I don’t think I’ve ever seen a more muddled, flailing awards show than the one I saw Sunday night at the 83rd Oscars. Almost nothing worked. The youthful exuberance and hip charm that was promised us in the guise of hosts James Franco and Anne Hathaway fell completely flat. The choices made by the production team were almost all confusing, from the spotty movie retrospectives to the slew of horribly written jokes. Still, there were bright spots, things we can remember alongside the travesties of the evening. Here’s what stood out, for better or worse.

Low: The Hosts
James Franco and Anne Hathaway are both fantastic actors. They’re young superstars poised to do great things for decades. But put them front and center on an awards show stage and everything you love about them turns into grating hate. Hathaway’s energy and overjoyed charm becomes shrill, overanxious cackling, while Franco’s laid back suave becomes pretentious apathy. To their credit, both hosts seemed to know they were failing almost immediately, and by the end both had a “get me off this damn stage” look about them. We were thinking the same thing.

High: ‘Inception’ takes four Oscars
Christopher Nolan’s “Inception” was my pick for best film of 2010. I knew it wouldn’t win the top prize, but it still managed to prove its worth by taking home four awards in the technical categories, for visual effects, cinematography, sound design and sound mixing. While it’s still a shame that the Academy ignored much of the rest of its merit, going so far as to snub Christopher Nolan in the Best Director category, at least its sensory glories were applauded.

Low: Auto-Tune the Oscars
In an effort to continue you the “Hey, we’re young and hip” campaign that began when Franco and Hathaway were hired, Oscars producers concocted a few bits of tech savvy shtick in a further attempt to hook in the kiddos. Among these was an unfortunate attempt to make songs out of bits of dialogue from films like “Harry Potter and the Deathly Hallows Part I” and “The Twilight Saga: Eclipse” through clever use of auto-tuning. The result was not only bad songs, but bad comedy.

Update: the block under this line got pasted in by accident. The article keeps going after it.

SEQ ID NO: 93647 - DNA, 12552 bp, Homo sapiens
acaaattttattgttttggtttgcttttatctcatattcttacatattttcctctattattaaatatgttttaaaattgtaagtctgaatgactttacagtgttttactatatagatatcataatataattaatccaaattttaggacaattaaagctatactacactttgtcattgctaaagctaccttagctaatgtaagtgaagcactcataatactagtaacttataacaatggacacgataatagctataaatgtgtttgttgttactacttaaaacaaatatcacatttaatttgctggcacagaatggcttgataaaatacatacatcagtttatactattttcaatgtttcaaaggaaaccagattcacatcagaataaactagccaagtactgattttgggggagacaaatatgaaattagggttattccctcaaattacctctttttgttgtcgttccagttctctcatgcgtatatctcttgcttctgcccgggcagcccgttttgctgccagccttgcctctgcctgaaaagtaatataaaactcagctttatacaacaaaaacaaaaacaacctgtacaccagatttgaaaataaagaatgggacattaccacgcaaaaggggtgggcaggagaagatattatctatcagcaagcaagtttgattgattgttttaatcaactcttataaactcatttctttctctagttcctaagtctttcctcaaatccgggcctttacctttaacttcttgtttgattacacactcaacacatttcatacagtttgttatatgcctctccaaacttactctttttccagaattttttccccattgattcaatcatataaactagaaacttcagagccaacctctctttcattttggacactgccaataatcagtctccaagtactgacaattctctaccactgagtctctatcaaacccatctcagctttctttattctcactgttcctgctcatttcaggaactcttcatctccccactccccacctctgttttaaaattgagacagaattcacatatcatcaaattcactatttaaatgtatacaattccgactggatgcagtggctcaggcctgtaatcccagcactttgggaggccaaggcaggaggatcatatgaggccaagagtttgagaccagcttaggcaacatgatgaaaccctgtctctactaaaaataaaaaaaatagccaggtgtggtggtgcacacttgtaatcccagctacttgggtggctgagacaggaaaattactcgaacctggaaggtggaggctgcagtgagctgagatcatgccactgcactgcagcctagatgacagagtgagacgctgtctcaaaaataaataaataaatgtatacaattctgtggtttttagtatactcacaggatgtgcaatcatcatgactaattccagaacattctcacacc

High: Aaron Sorkin
Aaron Sorkin is a genius. The television community has known and acknowledge this for more than a decade now, and Sunday night the film community jumped on board by handing him a Best Adapted Screenplay Oscar for “The Social Network.” He also gave one of the most eloquent speeches of the evening.

Low: The Honorary Awards are pushed to the back…again
For the second consecutive year the Academy opted to remove its honorary awards, including the Irving G. Thalberg Memorial Award for lifetime achievement, from the Oscars broadcast and instead present them at a special “Governor’s Awards” ceremony. What used to be an interlude in the broadcast to honor legends in the field was instead converted to a smile and nod moment, when Thalberg winner Francis Ford Coppola and honorary winners Eli Wallach and Kevin Brownlow stepped out onto the stage. These are giants among men. They deserve better.

High: The all too brief appearance of Billy Crystal
For much of the night the Oscars audience seemed ready to fall asleep in their chair, but everything changed when legendary Oscars host Billy Crystal took the stage for a few brief moments. His jokes, his poise and his style reminded us what we were missing, and because of that the rest of the evening might have actually seemed worse.

Low: The continued ego-stroking of the acting nominees
If you’re looking for a message among the way the Academy presents its awards, one is always obvious: we care more about movie stars than we do about anyone else. The Academy continued its tradition Sunday night of taking extra time to honor the Best Actor and Best Actress nominees. Last year’s winners, Jeff Bridges and Sandra Bullock, came out and delivered specialized speeches about how special each of the nominees were, and then the statue went to the most special of them all. Even if you eliminate the fact that none of the other categories, including those with other actors, get this treatments, it’s just plain obnoxious.

I could also devote some time to complaining that “The King’s Speech” took Best Picture honors over “The Social Network,” but we have to face that the Academy will always go with the polished, safe choice over the daring one. That doesn’t bother me all that much, but if you’re going to pick the polished films, you can at least polish up your presentation.